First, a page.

The document has emphasized vocational skills and education which I applaud. As we need more teachers, doctors, astronauts, and engineers on one hand, we do also need on the other hand, plumbers, electricians, car mechanics, carpenters and so forth. The needs for certificated individuals in many areas of our lives cannot be underestimated. I am really impressed with the new education policy in Tanzania for realizing this need for the country. Vocational schools are also important for creating a pool of people who can become entrepreneurs hence reducing pressure to the government from youth that will need to be employed in the near future.

In addition, the document also emphasizes education that will “impart soft skills” to our youth. This yet another high point from the new policy. The writers of the document have recognized that many of our college graduate suffers from a lack of soft skills. Today’s employers perceive a lack of “soft skills among recent graduate” (Citizen Newspaper, 2016). Soft skills are sometimes referred to as “key skills, core skills, key competencies, or employable skills, are those desirable qualities that apply across a variety of jobs and life situations–traits as integrity, commination, courtesy, responsibility, professionalism, flexibility, and team work” (Kings, 2012). Our education system need to do more in these areas.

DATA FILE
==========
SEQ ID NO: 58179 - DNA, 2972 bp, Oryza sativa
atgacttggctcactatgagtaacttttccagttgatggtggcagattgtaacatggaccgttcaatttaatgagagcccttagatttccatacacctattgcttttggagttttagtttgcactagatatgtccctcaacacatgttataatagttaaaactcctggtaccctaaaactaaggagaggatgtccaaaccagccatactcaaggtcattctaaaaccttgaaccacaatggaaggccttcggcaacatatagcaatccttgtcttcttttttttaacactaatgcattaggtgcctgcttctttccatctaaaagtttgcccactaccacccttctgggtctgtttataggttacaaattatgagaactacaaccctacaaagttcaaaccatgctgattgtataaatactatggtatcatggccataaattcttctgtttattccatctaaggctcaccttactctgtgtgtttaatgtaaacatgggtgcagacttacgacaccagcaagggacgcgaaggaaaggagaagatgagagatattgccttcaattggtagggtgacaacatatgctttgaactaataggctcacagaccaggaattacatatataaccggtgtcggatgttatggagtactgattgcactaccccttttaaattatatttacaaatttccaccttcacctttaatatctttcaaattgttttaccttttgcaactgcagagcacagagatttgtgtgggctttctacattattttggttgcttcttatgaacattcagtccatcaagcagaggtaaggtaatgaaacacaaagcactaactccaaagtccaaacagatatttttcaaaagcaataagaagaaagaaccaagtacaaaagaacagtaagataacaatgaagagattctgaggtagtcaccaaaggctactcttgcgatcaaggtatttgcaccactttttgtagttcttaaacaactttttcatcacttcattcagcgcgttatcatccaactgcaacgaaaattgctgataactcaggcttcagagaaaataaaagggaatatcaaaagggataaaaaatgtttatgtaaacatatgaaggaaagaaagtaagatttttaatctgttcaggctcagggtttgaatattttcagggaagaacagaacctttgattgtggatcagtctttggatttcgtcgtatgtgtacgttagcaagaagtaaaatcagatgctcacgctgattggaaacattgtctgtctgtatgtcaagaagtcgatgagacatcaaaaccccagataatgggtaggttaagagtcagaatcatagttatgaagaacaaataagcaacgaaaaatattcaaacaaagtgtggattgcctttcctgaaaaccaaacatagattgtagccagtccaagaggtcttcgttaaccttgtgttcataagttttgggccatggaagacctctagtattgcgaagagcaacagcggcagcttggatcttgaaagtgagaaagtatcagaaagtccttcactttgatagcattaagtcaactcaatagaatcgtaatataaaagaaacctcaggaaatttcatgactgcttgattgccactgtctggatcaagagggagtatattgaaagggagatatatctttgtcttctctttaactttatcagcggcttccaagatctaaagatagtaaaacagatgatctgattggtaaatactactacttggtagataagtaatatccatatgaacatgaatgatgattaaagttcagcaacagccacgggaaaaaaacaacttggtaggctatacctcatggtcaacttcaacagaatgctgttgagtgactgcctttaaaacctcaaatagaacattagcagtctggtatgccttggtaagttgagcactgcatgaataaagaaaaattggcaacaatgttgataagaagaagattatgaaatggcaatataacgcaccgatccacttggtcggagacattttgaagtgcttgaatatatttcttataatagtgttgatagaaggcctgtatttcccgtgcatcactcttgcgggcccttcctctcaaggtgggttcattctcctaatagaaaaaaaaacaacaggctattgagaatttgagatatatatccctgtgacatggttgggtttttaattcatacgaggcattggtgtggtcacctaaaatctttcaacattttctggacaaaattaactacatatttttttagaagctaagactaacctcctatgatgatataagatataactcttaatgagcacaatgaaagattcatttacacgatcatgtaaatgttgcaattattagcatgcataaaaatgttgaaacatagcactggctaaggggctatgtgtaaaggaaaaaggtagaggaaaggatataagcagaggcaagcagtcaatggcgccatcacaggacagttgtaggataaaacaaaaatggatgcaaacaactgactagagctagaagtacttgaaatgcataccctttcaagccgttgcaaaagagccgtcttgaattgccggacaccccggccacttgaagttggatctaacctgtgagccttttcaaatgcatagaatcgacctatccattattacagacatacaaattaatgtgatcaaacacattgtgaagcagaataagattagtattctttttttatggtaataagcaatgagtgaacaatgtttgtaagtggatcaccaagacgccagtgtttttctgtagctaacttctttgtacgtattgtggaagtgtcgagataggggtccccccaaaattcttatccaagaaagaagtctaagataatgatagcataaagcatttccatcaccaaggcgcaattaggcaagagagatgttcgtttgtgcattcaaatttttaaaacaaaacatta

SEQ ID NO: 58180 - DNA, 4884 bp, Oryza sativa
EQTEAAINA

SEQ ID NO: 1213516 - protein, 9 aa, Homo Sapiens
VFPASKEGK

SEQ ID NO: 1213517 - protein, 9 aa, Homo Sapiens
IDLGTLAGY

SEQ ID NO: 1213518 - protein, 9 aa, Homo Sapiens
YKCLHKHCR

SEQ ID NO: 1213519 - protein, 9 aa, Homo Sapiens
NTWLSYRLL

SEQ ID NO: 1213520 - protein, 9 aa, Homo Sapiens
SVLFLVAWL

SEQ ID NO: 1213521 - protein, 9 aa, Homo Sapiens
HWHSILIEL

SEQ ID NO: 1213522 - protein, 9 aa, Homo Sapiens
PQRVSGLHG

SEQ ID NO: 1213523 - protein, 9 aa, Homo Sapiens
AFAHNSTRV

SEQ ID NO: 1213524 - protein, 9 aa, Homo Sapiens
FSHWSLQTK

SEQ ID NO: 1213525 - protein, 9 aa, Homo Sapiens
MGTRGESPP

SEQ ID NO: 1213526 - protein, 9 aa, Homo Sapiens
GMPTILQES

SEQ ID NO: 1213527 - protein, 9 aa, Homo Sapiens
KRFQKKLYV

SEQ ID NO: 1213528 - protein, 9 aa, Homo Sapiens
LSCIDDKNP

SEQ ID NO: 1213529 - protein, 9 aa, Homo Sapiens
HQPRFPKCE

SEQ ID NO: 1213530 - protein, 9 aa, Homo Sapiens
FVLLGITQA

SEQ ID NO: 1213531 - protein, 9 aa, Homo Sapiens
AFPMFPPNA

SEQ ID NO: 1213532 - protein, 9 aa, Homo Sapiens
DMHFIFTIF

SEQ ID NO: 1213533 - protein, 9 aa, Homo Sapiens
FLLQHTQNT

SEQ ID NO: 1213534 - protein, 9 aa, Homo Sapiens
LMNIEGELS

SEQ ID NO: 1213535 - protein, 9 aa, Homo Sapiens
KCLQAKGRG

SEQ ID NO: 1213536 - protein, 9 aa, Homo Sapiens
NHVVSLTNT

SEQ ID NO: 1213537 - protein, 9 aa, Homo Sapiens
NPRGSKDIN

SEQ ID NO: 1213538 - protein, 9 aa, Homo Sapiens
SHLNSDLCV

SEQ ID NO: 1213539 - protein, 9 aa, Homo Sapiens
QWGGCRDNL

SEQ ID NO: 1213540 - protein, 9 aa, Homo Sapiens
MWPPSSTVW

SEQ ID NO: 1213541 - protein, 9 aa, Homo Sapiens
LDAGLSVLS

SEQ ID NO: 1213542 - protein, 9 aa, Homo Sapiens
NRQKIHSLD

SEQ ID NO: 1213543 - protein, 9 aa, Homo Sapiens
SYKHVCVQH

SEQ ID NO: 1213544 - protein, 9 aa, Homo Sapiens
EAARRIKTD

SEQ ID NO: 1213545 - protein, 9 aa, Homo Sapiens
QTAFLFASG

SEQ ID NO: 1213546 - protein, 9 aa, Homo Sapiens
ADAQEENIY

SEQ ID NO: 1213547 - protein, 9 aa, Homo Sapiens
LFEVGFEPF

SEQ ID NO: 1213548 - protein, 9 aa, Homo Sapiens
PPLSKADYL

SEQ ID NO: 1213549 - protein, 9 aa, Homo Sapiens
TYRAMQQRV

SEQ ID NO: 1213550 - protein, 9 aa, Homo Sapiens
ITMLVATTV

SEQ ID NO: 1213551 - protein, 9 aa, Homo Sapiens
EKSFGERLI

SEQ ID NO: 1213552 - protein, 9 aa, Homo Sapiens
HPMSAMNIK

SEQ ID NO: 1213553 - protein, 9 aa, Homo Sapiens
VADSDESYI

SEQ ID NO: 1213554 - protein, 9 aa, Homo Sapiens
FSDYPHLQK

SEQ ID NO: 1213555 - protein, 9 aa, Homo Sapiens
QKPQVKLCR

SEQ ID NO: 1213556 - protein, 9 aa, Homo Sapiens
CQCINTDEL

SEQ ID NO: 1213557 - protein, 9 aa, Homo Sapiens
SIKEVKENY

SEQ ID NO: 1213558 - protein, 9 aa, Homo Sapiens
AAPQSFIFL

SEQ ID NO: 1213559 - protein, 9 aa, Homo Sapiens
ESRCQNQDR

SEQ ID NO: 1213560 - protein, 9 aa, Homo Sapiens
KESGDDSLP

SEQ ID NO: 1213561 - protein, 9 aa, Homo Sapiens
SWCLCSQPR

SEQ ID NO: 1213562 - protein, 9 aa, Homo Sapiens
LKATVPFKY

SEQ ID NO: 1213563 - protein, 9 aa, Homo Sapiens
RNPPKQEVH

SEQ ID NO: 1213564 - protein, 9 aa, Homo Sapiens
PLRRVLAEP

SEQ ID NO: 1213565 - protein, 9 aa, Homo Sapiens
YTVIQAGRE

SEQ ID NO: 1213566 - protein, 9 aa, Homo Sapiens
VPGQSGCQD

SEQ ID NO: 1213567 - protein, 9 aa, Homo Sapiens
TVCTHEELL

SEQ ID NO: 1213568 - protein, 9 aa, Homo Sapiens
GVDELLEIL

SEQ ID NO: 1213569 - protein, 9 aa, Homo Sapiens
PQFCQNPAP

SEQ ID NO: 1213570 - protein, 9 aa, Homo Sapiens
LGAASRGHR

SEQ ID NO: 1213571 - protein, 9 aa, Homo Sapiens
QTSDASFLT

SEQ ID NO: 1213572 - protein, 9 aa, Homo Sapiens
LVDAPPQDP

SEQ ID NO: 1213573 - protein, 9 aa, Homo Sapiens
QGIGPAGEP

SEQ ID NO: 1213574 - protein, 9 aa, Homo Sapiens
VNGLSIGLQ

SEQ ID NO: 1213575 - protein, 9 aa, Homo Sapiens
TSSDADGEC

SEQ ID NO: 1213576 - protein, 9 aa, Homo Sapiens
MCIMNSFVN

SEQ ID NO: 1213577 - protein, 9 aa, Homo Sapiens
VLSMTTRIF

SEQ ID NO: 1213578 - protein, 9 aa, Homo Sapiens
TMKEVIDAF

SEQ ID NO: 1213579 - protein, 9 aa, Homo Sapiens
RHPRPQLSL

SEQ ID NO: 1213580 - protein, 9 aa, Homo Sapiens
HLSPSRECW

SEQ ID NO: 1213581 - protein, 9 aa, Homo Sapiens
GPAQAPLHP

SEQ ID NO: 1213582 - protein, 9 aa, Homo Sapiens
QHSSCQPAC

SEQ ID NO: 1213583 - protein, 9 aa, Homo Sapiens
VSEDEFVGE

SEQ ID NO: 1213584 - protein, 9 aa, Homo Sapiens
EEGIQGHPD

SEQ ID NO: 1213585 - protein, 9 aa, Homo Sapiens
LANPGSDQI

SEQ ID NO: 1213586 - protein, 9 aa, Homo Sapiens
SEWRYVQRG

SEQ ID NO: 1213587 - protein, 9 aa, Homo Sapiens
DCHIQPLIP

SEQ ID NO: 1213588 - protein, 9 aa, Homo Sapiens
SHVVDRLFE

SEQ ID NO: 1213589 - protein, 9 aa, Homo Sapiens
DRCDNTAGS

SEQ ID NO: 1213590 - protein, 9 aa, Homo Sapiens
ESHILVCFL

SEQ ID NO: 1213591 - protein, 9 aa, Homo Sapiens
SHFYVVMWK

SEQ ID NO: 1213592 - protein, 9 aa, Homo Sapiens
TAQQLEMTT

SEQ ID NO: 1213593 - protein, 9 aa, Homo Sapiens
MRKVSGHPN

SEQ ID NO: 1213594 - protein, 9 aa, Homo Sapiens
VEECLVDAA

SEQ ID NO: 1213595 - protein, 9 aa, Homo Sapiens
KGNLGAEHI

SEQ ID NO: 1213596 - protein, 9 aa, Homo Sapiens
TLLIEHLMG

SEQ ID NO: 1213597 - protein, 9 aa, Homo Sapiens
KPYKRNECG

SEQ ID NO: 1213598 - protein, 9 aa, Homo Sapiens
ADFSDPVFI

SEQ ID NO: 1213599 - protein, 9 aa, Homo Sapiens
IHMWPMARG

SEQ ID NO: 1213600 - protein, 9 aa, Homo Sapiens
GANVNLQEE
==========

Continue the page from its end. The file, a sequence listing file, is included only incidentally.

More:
Lastly, the document emphasizes a robust evaluation and accountability system to make sure that there exists checks and balances in the entire system. This move is commendable. A system of checks and balances is crucial to the smooth and efficient running of any progressive program such as this one. Too many times in the past, the system lacked a check and balance to ensure a smooth progression of the education system. In addition to a robust evaluation and monitoring system, the document also emphasizes changes to the education management structure. There are too many bodies in charge of the system. Thus, reducing the number of actors in education management is the best way forward. Having a stream-lined management structure will reduce confusion and increase efficiency.

The Low Points

I completely support the new policy and the direction is taking the education system in Tanzania. However, there also few points that I feel were not well addressed or not mentioned at all. Thus, in the spirit of looking back and reflecting honestly about issues important to this country, I will briefly touch on those points. I believe special education needs to be given more emphasis in our education system. The issues of accessibility, learning, and teaching aids for special education students were not well addressed in this document. I am not really sure of the numbers of special education students in the country, however, I believe there are many and will be helped by a policy that specifically address their learning needs.